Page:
Inter-handler transfers also fluctuated throughout October. These figures represent how much handlers are receiving from and shipping out to other handlers. According to the APC, handlers may report that they’ve sent out the product one month, but the recipient may not acquire the shipment yet so it would not be recorded in the same position report. 

The October 2020 Position report shows handlers received more shelled meats than they shipped to others, but they also transferred more inshell pecans than they received.

Furthermore, this report shows that more shelled pecans were received by inter-handler transfers than shipped out. Therefore, handlers were accumulating pieces and halves; simultaneously, they transferred more inshell pecans—potentially for other handlers to shell or sell on the export or grocery markets. 

Line graphs show pecan industry data for total commitments from September 2018 to October 2020.

Total Commitments (inshell basis) reported in the monthly Pecan Position Reports for 2018, 2019, and 2020 crop years.

Total commitments sit below previous years’ numbers. This dip follows trends set in previous crop years where commitments decrease in October and rise in the following months. The next few position reports will reveal if this is still the case for 2020.

Increased inventory and lower commitments are evident in October’s Net Open Position. On Oct. 31, the Net Open Position was 77,636,773 pounds—a 104 percent increase from last year. The Net Open Position shows how many pecans U.S. handlers have available for sale in their inventories. Therefore, U.S. handlers accumulated more pecans throughout October and then ended the month with almost half of their inventory uncontracted and available.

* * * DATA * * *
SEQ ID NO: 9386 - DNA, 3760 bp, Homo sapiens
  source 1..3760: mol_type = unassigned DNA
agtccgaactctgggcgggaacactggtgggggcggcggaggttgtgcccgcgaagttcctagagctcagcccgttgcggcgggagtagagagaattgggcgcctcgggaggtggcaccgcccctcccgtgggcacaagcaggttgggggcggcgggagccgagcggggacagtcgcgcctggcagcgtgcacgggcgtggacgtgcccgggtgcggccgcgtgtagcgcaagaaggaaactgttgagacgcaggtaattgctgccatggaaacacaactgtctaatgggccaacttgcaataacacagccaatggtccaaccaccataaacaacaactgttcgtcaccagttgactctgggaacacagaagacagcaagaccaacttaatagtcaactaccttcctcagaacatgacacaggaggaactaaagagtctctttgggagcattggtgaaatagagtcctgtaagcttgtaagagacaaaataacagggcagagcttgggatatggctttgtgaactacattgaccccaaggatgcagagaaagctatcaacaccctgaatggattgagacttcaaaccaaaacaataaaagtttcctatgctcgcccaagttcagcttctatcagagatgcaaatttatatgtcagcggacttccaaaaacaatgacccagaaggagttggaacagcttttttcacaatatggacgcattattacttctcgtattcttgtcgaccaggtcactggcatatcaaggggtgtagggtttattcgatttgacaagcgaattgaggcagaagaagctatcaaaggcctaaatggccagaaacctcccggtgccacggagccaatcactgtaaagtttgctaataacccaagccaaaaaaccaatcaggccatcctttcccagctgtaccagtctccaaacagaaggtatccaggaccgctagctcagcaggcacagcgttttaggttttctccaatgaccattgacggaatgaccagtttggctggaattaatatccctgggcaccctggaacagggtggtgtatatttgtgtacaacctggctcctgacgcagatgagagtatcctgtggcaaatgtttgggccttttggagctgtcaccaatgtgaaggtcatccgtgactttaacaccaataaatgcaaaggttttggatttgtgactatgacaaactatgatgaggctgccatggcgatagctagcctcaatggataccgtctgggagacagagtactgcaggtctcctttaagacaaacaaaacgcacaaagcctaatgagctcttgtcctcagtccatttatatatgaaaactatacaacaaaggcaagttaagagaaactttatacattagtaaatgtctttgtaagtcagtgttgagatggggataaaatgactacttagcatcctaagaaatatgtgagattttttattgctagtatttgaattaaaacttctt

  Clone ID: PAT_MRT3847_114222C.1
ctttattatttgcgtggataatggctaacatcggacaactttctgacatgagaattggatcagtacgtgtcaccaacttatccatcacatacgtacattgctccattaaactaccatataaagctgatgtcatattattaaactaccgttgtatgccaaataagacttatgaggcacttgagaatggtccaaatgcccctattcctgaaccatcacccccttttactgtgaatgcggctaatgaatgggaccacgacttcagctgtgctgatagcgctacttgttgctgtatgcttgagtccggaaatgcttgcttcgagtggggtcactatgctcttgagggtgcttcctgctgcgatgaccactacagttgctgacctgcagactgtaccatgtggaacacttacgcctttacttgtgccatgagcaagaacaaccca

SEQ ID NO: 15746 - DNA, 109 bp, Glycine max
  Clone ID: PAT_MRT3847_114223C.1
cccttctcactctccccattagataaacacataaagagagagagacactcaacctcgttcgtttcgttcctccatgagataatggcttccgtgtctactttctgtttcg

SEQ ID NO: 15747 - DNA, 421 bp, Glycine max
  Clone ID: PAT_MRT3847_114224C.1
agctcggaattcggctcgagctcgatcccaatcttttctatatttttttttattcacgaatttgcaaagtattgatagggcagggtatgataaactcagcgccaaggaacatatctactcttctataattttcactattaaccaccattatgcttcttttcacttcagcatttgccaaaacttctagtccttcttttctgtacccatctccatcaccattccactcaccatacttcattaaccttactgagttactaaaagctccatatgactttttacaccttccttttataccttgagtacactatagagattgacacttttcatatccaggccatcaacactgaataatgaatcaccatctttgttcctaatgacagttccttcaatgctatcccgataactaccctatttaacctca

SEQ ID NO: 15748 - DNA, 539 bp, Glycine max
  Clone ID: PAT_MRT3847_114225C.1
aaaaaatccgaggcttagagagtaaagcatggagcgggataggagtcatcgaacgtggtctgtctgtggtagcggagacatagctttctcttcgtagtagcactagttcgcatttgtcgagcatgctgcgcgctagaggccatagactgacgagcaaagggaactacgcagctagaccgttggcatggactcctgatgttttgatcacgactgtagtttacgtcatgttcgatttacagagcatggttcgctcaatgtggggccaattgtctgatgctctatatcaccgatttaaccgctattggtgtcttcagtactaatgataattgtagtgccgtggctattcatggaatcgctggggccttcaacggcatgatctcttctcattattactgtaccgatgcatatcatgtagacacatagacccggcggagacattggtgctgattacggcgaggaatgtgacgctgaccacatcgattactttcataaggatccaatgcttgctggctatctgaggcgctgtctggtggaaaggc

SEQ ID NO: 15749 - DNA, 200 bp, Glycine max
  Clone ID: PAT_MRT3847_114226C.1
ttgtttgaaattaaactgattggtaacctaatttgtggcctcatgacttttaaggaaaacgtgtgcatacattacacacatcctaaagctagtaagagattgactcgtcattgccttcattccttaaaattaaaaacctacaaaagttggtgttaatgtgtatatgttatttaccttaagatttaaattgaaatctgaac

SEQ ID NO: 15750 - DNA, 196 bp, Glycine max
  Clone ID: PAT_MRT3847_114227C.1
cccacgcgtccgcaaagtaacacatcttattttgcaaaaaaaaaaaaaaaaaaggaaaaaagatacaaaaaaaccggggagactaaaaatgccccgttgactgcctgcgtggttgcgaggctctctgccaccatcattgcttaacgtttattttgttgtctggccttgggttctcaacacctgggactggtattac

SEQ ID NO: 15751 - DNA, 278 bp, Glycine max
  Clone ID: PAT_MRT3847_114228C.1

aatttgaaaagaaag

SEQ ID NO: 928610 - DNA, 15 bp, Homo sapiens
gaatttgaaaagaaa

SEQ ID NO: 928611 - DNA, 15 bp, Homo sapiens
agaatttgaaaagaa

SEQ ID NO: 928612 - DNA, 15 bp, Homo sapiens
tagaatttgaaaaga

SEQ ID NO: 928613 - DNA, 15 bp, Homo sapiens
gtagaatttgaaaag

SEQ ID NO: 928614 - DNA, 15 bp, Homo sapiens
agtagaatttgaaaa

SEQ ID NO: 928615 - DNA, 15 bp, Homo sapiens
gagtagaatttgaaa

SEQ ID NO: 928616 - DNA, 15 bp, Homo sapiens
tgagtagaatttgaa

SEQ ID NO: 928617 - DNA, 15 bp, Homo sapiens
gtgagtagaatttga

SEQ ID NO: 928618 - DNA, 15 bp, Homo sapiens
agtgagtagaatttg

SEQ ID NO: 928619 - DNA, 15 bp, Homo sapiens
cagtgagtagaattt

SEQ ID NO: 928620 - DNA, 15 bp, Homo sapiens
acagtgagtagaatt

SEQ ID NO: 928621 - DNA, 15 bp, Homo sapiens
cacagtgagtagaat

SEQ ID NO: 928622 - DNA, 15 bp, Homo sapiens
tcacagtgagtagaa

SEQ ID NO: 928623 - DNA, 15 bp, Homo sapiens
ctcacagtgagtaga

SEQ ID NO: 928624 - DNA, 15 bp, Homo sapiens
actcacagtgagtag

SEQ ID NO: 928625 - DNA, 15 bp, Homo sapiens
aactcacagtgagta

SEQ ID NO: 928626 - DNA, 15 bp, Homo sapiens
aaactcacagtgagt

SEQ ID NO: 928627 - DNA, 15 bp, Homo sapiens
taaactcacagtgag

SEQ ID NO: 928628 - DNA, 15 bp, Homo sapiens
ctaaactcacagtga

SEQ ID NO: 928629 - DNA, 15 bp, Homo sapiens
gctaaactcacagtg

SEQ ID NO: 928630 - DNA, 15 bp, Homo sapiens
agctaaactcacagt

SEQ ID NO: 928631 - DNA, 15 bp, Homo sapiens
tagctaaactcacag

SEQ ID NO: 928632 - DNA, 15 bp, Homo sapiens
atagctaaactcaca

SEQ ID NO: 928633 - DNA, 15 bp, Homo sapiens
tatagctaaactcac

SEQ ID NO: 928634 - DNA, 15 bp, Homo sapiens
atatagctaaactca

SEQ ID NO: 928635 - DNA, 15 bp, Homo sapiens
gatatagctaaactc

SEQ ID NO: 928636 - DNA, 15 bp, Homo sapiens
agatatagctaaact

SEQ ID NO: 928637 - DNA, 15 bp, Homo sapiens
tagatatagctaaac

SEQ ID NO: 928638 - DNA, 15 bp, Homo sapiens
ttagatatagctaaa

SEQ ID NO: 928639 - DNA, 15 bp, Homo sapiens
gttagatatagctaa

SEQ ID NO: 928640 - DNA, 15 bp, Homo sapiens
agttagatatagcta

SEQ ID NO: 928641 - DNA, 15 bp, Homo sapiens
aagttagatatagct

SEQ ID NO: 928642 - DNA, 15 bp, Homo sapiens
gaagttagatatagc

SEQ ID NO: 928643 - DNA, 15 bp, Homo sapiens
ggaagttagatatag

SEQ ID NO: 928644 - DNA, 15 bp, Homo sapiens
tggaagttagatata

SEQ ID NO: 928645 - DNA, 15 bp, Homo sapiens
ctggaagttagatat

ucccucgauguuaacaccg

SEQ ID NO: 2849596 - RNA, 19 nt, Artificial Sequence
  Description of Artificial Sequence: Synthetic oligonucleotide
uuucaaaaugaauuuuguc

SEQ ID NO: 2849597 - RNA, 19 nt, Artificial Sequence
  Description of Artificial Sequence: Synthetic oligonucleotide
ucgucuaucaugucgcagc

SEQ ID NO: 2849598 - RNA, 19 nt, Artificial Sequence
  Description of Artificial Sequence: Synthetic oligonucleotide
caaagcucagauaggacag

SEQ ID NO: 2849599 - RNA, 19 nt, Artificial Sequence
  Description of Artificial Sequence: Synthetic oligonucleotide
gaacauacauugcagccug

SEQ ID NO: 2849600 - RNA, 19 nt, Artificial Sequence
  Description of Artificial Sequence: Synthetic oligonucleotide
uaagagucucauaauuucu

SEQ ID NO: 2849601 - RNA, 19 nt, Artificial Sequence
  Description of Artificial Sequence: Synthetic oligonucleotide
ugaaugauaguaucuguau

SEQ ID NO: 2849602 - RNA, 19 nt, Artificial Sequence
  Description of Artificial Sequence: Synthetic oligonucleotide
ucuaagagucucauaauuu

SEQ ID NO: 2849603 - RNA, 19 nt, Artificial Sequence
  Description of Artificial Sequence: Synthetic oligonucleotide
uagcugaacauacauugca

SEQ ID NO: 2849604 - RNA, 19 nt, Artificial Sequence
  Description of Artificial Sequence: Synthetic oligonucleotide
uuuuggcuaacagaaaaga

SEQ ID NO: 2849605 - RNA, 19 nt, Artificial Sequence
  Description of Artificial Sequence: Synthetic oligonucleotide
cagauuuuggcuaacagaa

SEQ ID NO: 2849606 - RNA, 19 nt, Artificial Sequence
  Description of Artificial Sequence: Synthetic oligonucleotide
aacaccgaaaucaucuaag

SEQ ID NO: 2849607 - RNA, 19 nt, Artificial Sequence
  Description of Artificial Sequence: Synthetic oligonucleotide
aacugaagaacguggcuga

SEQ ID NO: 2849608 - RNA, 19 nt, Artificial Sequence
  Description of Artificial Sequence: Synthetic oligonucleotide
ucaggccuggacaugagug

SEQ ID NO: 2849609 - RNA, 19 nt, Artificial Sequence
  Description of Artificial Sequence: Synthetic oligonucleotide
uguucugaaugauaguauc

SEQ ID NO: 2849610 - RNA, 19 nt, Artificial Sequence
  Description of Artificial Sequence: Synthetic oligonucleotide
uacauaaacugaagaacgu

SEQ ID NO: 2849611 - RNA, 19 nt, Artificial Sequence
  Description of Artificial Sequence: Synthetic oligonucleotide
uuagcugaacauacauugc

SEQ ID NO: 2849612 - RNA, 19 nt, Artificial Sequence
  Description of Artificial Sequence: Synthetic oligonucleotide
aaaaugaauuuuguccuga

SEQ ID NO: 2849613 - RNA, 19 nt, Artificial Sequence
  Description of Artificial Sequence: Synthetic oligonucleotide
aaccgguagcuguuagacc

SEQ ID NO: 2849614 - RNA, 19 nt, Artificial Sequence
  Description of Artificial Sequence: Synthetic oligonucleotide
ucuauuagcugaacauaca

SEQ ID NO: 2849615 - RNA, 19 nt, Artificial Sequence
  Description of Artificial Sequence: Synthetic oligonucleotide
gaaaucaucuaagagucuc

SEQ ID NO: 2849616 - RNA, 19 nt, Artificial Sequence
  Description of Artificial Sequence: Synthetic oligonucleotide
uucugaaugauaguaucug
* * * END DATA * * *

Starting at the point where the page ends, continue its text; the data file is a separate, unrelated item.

Line graph charts industry data on total pecan exports for 2018, 2019, and 2020 crop years up to October 2020.

Total Exports (inshell basis) reported in the monthly Pecan Position Reports for 2018, 2019, and 2020 crop years.

Even with a greater inventory, handlers continued moving pecans throughout October. Total exports were up 60.8 percent this October. More inshell pecans were exported to China than last year, as Chinese buyers seemed to take advantage of low prices. 

The October 2020 Position Report shows that U.S. handlers were preparing for the approaching holiday season by filling inventory and transferring pecans amongst themselves. But it also provides further evidence that commitments are down this year. As the world enters potentially the pandemic’s deadliest wave, states and other countries prepare to implement new lockdown measures. How these lockdowns will further impact commitments is yet to be seen.

The complete October 2020 Position Report can be found at These reports are subject to updates and revisions as more handlers submit forms and APC staff review data.

Author Photo

Catherine Clark

Catherine Clark is the managing editor of Pecan South. She has her M.S. in Journalism from the University of Southern California, and her B.A. in Communication and Spanish from Trinity University. For questions, comments or concerns, she can be reached at